Another rendition is this: Born of pious Christian parents in the third century Thrace, Trifon consolidated his reputation as a world-class miracle healer at the ripe young age of 17 by curing Roman Emperor Gordian´s daughter of a particularly hideous disease. Unfortunately, when Christian-persecuting Decius succeeded Gordian, Trifon was immediately arrested, tortured, and decapitated: a more run-of-the-mill ticket to sainthood. (Let the record show I prefer rendition 1.) In any case ethnographers say St. Trifon and his festival have their misty roots way back in time of old friend Dionysios, the Thracian god of wine and fertility.
What seems clear is that these three traditions have been trod, mashed, and blended together like so many different grape varieties in a fine Portuguese Port (or Bulgarian red) and that the result is the immensely popular blend, St. Trifon the Pruner. His day could legitimately be celebrated either on 14th along with St. Valentine, or on 1st of February which corresponds to the Gregorian calendar. The Bulgarians, practical people, cut the Gordian knot and raise hell on both days.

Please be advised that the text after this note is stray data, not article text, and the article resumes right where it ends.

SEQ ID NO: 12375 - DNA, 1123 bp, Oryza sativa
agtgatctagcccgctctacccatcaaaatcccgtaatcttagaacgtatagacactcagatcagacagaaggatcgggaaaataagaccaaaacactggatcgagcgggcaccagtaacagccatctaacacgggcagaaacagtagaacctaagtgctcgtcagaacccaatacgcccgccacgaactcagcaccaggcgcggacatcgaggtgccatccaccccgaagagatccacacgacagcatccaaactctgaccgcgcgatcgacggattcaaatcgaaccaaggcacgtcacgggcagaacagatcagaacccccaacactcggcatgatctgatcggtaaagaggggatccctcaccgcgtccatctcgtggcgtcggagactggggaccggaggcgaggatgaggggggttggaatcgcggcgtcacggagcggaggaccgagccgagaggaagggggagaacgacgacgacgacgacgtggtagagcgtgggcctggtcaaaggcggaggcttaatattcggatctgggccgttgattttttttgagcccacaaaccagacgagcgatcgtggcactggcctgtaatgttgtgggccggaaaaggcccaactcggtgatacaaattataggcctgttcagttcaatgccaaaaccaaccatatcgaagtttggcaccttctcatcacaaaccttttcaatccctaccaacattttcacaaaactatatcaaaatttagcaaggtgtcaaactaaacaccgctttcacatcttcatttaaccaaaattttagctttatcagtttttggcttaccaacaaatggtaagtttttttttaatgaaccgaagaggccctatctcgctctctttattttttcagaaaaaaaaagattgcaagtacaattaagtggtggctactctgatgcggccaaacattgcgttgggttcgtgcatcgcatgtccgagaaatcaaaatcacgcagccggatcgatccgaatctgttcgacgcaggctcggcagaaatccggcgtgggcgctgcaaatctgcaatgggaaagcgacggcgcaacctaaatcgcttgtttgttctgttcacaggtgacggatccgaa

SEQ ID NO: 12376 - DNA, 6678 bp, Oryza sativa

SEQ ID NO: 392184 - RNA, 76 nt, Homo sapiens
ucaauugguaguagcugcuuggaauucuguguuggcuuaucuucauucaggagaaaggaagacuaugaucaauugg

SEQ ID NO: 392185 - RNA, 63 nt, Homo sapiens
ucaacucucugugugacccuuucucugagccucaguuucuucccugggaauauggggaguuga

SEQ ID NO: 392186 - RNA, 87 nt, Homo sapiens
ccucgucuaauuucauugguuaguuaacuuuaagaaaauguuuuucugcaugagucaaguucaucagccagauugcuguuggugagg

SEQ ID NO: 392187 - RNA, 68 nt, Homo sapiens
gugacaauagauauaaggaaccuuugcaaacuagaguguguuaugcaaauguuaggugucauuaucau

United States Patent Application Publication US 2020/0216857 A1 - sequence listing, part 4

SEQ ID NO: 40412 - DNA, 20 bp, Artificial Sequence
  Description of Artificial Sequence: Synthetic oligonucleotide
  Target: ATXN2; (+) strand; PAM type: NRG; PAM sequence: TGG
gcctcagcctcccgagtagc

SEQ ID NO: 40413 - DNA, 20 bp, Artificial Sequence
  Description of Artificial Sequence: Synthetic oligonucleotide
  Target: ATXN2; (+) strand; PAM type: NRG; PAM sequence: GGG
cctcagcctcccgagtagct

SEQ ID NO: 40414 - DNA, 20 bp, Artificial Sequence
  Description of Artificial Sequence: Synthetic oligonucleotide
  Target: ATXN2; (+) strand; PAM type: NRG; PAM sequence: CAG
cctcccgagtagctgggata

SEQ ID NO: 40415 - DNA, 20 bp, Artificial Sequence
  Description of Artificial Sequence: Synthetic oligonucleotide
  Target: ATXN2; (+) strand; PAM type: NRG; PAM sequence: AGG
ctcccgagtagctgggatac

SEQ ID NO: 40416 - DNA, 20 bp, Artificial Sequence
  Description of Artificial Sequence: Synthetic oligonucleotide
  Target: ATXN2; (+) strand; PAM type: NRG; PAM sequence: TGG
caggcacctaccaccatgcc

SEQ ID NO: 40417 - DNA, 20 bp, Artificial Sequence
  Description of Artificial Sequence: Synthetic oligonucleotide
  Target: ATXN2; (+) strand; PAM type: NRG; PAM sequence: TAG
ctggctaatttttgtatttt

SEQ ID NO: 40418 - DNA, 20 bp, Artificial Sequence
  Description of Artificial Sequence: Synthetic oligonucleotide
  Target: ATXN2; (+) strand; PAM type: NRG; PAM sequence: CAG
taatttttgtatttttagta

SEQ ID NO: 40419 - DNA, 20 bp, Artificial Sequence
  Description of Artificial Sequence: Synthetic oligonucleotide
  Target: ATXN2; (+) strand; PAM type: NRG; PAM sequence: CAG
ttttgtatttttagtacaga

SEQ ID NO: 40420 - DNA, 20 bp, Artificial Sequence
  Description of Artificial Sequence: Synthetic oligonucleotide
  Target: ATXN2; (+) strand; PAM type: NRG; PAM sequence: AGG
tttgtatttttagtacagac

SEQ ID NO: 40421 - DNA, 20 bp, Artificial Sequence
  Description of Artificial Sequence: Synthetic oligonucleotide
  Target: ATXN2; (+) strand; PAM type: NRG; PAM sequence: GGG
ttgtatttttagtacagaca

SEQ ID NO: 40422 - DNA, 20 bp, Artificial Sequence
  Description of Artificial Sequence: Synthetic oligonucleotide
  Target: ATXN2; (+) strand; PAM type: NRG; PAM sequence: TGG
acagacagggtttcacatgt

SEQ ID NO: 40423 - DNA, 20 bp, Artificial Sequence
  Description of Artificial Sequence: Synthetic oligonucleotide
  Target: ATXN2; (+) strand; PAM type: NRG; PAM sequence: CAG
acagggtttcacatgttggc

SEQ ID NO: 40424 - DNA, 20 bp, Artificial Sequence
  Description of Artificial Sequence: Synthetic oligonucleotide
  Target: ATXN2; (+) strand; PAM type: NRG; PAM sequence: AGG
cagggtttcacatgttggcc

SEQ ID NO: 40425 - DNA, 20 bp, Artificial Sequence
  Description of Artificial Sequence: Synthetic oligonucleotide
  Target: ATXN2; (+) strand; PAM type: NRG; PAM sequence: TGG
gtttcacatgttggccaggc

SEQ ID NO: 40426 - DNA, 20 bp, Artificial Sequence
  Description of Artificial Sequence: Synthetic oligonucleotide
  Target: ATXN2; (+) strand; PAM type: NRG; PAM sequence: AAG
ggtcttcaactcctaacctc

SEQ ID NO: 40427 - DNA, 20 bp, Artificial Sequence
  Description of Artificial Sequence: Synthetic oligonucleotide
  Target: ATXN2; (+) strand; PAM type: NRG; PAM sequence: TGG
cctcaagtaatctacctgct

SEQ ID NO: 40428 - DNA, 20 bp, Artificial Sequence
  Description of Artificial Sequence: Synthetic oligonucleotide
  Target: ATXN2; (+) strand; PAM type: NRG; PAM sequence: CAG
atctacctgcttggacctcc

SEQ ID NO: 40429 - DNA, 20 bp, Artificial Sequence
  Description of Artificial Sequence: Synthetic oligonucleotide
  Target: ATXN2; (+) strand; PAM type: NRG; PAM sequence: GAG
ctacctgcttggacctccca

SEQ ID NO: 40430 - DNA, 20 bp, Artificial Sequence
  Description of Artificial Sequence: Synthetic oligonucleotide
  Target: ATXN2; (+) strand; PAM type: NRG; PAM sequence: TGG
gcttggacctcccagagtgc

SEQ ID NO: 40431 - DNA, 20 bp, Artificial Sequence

Many thanks to Janet Hose for bringing this singular saint to my attention and to Mariana Oller, a Bulgarian by birth, for clearing up some obscure theological points. Unfortunately, these revelations arrived a bit late for 2011, but I have already marked both February 1 and 14 on my 2012 Google calendar. So, in honor of St. Trifon please join me in drinking as much Bulgarian cabernet sauvignon, melnik, and mavrud as we can keep down on these two days. Wine should “flow like a river;” the more we put away on these holy days the more abundant next year´s Bulgarian grape crop will be. So, do your part and take the pledge!